It wasn't that long ago that Ford Motor Company's (NYSE:F) very survival was in doubt. Those of us who remember the dark days of 2008 and early 2009, when Ford's old Detroit rivals both crashed into bankruptcy court and Ford looked set to follow, know that this iconic American industrial company has seen a remarkable renaissance.
That renaissance was led by now-retired CEO Alan Mulally, whose steady commitment to investing in new products even through the worst of the economic crisis allowed Ford to surprise rivals with strong new products just as they were getting back on their feet.
Ford's stock has had a huge run since those dark days, when it closed at a low of $1.26 in November 2008. But lately, Ford's stock growth has stalled -- and its profits in 2014 were actually down.
Has Ford peaked? While there's no guarantee that Ford's stock will rise from here, I think there are still some factors that could push it higher over the next few years. Here are three.
Reason No. 1: Ford's big spending on new products in the U.S. is about to pay off
By the company's count, Ford launched 24 "all-new or significantly refreshed" products around the world in 2014. None of those was more important than the all-new 2015 F-150 pickup -- and none was more costly.
Putting the new aluminum-bodied F-150 into production required extensive reworking of Ford's two U.S. truck factories. That meant significant downtime at those plants, which normally run around the clock -- and that meant that Ford lost thousands of units of production, and thousands of sales.
That is already starting to turn around. Sales of Ford's F-Series pickups were up almost 17% in January. Ford dealers are still selling a mix of old and new trucks, and will be for a few more months. But new-model F-150s are selling very quickly -- in 12 days, on average -- and at exceptionally strong prices: TrueCar estimates that the average transaction price for a 2015 F-150 in January was an eye-popping $51,354.
By midyear, sales of Ford's new truck should be in high gear. And other new products, like the all-new Ford Edge and Lincoln MKS and the refreshed Explorer, will be arriving at dealers as the year unfolds.
The upshot: Ford expects its 2015 pre-tax profit in North America to improve substantially from the $6.9 billion it posted in 2014. That in turn should help push the company's overall pre-tax profit to somewhere between $8.5 billion and $9.5 billion -- and set it up for even greater gains in 2016.
Reason No. 2: Ford's big spending on Asia expansion is also about to pay off
Ford's Asia-Pacific unit, which includes its fast-growing presence in China, earned $589 million in 2014. Ford expects that to improve in 2015. Why? Because its big investments in Asia are about to pay off.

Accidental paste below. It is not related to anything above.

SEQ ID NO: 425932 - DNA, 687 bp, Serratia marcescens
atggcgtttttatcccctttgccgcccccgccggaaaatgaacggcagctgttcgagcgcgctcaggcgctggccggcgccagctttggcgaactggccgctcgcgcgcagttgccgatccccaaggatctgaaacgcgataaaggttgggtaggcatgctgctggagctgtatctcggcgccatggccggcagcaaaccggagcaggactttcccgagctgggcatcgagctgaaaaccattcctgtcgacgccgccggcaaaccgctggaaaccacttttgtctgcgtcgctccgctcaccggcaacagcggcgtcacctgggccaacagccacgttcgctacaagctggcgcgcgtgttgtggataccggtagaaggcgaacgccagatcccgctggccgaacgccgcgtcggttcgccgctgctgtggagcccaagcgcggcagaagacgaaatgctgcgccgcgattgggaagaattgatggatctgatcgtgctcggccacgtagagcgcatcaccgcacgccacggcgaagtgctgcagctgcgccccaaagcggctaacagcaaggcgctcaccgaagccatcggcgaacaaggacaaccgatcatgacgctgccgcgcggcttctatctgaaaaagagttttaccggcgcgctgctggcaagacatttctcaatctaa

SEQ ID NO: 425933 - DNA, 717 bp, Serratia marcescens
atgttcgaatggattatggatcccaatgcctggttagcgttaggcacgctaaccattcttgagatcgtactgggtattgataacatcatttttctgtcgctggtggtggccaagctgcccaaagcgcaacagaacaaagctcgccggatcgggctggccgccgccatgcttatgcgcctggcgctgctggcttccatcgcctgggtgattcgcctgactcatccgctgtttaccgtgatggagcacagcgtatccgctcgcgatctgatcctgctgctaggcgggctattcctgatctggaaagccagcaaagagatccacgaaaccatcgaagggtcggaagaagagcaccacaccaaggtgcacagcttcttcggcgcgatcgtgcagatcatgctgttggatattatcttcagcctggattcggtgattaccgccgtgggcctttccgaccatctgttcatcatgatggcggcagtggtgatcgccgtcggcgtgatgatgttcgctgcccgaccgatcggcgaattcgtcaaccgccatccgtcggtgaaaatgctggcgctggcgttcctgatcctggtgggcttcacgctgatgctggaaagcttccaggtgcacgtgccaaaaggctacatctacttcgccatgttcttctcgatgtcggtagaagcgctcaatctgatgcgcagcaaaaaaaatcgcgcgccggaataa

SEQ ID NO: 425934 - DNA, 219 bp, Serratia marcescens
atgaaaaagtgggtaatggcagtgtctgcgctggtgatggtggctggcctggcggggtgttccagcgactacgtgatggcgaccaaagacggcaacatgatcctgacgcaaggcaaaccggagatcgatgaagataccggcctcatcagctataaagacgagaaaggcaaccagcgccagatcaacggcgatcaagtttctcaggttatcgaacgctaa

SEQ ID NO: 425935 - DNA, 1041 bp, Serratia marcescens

Back in 2012, Ford committed almost $5 billion to a major expansion effort in Asia, its biggest factory-building spree since the 1950s. Six of those new factories are already open and running, and four more -- two in China and two in India -- are set to open in 2015.
Those factories will help push Ford toward the 6% share of China's huge market that it has been targeting by the end of 2015. Meanwhile, Ford is setting up its operations in India as a key export hub -- one that can be turned to domestic production as India's new-vehicle market grows.
The upshot? Lower spending, because the new factories will be done, and higher sales and market share should yield a fat boost in profits in 2015 and beyond.
Reason No. 3: Ford's patience in Europe should start to pay off in 2016
Europe has been a "work in progress" for Ford for a few years now. Ford Europe lost $1.75 billion in 2012, $1.6 billion in 2013, and just over $1 billion in 2014.
That's progress in the right direction, but it's not the turn to profitability that investors have been hoping to see. That turn was originally supposed to happen in 2015, but continued sluggishness in Western Europe's economies combined with a severe downturn in Russia led Ford to lower its 2015 Europe guidance back in September, from breakeven to a $250 million loss.
Ford lowered that even further last week. CEO Mark Fields said only that 2015's results would "improve" on the $1 billion loss in 2014. Europe's woes have put some pressure on Ford's pension funds for European workers, which might require Ford to add money, and ongoing events in Russia have made Ford very cautious in that corner of the world.
But the longer-term story here is still a good one. Ford has reduced its costs in Europe and expanded its product portfolio. It's launching new models, including -- at long last -- the European twin to Ford's Fusion, the Mondeo sedan. Ford still expects an end to European losses in 2016, and profitability thereafter. After years of 10-digit losses, that will be a nice boost to Ford's bottom line -- and in all likelihood, its share price as well.